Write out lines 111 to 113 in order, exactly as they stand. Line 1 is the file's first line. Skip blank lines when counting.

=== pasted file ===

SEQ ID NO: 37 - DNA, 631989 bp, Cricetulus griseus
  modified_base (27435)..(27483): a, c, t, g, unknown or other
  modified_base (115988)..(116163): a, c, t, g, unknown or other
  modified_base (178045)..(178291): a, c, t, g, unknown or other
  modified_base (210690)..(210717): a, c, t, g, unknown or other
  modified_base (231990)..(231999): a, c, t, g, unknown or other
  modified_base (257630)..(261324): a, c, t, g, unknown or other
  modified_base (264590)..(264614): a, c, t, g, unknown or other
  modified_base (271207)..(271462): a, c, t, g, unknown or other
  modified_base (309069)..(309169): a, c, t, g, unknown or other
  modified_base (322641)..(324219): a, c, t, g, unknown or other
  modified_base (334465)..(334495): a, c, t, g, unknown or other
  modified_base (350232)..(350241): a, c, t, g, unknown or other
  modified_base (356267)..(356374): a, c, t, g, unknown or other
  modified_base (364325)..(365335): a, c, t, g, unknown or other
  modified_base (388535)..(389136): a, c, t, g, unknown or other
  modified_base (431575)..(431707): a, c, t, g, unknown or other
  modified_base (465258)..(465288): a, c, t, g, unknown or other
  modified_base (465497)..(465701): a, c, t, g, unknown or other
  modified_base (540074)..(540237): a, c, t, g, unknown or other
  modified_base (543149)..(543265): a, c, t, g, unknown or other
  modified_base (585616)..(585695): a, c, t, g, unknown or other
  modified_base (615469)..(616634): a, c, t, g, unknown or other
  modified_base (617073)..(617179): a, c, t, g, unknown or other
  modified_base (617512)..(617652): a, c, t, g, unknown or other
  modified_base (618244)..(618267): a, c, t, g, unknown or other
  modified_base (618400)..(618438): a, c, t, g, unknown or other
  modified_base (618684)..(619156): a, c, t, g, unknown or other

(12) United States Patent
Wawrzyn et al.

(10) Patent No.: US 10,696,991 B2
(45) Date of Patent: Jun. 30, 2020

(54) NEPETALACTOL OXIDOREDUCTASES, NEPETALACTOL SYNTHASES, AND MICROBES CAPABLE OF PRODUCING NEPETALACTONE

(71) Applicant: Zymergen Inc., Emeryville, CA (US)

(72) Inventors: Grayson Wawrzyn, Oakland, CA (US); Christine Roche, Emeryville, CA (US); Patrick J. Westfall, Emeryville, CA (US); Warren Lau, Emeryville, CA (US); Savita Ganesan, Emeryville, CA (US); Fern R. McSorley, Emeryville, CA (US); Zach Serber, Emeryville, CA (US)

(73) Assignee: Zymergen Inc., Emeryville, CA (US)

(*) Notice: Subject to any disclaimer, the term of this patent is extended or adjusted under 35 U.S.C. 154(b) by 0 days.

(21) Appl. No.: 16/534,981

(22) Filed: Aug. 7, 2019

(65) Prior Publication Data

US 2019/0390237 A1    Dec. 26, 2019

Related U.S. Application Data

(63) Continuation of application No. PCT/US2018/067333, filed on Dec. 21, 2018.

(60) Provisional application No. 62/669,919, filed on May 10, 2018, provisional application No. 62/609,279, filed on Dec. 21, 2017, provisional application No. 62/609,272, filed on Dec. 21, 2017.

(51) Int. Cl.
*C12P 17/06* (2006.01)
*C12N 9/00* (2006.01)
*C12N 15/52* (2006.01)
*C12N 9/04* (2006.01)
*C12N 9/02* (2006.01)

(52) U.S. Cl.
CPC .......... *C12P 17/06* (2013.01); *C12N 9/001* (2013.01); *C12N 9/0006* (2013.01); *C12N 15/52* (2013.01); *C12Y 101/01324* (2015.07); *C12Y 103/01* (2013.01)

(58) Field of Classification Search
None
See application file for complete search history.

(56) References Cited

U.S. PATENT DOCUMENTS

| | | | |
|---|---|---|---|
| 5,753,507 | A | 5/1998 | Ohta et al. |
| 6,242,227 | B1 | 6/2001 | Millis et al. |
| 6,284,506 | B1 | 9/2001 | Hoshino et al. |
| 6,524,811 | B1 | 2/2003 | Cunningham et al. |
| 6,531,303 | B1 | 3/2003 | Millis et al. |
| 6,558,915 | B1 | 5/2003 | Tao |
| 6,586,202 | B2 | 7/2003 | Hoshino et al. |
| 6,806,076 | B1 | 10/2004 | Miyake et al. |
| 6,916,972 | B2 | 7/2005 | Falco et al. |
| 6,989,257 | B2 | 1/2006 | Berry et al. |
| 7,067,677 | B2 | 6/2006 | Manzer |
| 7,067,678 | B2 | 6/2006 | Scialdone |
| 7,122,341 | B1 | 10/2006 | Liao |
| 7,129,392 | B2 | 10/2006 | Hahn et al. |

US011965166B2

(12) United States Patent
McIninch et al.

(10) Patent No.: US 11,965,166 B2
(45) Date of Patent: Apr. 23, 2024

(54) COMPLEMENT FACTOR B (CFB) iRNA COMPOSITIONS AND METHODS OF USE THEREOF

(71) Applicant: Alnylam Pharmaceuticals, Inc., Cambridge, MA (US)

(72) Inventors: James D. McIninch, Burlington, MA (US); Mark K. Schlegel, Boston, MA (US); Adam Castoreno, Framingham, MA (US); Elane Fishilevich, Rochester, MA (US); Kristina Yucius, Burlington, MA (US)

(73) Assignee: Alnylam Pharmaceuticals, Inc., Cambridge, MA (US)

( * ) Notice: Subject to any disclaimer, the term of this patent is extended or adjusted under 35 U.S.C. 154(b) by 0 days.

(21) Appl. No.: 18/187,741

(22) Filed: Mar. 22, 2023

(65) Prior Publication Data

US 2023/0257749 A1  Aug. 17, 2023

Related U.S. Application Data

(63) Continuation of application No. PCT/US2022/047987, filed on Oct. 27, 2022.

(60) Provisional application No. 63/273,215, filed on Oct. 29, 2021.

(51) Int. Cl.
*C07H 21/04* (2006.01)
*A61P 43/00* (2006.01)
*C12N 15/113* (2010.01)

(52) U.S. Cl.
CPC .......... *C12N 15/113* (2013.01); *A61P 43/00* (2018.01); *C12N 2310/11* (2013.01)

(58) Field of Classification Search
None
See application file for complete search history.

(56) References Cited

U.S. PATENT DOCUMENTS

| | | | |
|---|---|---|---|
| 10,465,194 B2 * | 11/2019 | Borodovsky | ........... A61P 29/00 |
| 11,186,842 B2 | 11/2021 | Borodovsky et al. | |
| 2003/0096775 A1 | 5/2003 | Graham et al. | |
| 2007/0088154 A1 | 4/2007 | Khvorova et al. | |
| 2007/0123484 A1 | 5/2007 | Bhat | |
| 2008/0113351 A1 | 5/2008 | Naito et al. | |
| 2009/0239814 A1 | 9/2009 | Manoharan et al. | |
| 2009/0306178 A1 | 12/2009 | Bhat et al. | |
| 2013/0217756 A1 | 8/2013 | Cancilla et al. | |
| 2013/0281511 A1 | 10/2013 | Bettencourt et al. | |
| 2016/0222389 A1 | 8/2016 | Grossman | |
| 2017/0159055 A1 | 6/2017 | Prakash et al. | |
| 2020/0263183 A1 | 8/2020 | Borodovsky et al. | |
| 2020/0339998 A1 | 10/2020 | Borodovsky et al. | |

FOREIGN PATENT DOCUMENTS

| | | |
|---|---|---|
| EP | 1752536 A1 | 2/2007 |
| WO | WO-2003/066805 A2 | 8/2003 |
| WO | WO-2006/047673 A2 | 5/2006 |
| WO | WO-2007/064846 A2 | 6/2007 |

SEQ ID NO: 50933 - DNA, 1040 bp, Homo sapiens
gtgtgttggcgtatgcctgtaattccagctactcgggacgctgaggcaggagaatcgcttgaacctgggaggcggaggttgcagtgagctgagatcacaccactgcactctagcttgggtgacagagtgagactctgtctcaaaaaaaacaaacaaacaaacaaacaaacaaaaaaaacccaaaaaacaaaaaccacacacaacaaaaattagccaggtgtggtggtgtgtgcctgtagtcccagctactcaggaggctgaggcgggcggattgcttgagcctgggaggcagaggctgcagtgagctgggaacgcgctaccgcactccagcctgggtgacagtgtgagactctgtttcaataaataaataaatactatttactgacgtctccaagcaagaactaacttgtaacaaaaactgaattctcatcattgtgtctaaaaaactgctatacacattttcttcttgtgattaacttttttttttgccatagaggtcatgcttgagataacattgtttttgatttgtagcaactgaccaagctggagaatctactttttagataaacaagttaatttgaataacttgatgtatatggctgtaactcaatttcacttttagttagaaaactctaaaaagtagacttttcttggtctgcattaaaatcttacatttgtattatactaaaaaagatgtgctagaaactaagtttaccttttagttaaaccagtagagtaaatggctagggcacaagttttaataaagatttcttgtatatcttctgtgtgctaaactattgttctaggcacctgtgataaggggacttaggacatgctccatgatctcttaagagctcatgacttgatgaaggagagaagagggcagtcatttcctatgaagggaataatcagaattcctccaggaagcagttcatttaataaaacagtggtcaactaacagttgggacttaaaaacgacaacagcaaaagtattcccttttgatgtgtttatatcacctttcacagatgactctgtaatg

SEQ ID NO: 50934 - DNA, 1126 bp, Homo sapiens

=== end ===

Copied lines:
| 2009/0306178 A1 | 12/2009 | Bhat et al. | |
| 2013/0217756 A1 | 8/2013 | Cancilla et al. | |
| 2013/0281511 A1 | 10/2013 | Bettencourt et al. | |